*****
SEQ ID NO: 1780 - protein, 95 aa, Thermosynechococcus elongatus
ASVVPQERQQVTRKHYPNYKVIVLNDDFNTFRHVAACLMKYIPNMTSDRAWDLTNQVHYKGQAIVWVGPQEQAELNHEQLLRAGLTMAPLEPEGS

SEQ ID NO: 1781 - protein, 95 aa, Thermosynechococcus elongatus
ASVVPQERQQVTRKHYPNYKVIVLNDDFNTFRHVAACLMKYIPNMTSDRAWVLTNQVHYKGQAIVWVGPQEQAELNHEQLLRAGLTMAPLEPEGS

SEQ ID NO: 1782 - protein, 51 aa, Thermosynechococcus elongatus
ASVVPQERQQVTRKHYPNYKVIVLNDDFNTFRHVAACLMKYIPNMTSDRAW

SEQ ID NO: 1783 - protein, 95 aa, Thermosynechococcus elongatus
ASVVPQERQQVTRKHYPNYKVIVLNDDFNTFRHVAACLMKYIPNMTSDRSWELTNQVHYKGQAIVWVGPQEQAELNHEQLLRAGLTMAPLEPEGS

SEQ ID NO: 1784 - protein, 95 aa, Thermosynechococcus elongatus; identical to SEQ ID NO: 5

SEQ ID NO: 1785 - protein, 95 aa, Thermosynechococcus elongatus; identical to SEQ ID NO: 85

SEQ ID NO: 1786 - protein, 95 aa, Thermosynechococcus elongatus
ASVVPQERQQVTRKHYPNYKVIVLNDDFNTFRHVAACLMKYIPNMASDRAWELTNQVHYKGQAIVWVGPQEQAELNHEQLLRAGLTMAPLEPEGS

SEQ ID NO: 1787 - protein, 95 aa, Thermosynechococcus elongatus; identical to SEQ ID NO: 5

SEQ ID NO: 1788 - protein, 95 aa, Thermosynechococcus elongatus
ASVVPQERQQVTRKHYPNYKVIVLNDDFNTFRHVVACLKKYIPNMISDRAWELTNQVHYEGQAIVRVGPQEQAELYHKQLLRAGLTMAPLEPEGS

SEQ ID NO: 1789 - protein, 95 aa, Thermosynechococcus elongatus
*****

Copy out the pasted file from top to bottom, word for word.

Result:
SEQ ID NO: 1780 - protein, 95 aa, Thermosynechococcus elongatus
ASVVPQERQQVTRKHYPNYKVIVLNDDFNTFRHVAACLMKYIPNMTSDRAWDLTNQVHYKGQAIVWVGPQEQAELNHEQLLRAGLTMAPLEPEGS

SEQ ID NO: 1781 - protein, 95 aa, Thermosynechococcus elongatus
ASVVPQERQQVTRKHYPNYKVIVLNDDFNTFRHVAACLMKYIPNMTSDRAWVLTNQVHYKGQAIVWVGPQEQAELNHEQLLRAGLTMAPLEPEGS

SEQ ID NO: 1782 - protein, 51 aa, Thermosynechococcus elongatus
ASVVPQERQQVTRKHYPNYKVIVLNDDFNTFRHVAACLMKYIPNMTSDRAW

SEQ ID NO: 1783 - protein, 95 aa, Thermosynechococcus elongatus
ASVVPQERQQVTRKHYPNYKVIVLNDDFNTFRHVAACLMKYIPNMTSDRSWELTNQVHYKGQAIVWVGPQEQAELNHEQLLRAGLTMAPLEPEGS

SEQ ID NO: 1784 - protein, 95 aa, Thermosynechococcus elongatus; identical to SEQ ID NO: 5

SEQ ID NO: 1785 - protein, 95 aa, Thermosynechococcus elongatus; identical to SEQ ID NO: 85

SEQ ID NO: 1786 - protein, 95 aa, Thermosynechococcus elongatus
ASVVPQERQQVTRKHYPNYKVIVLNDDFNTFRHVAACLMKYIPNMASDRAWELTNQVHYKGQAIVWVGPQEQAELNHEQLLRAGLTMAPLEPEGS

SEQ ID NO: 1787 - protein, 95 aa, Thermosynechococcus elongatus; identical to SEQ ID NO: 5

SEQ ID NO: 1788 - protein, 95 aa, Thermosynechococcus elongatus
ASVVPQERQQVTRKHYPNYKVIVLNDDFNTFRHVVACLKKYIPNMISDRAWELTNQVHYEGQAIVRVGPQEQAELYHKQLLRAGLTMAPLEPEGS

SEQ ID NO: 1789 - protein, 95 aa, Thermosynechococcus elongatus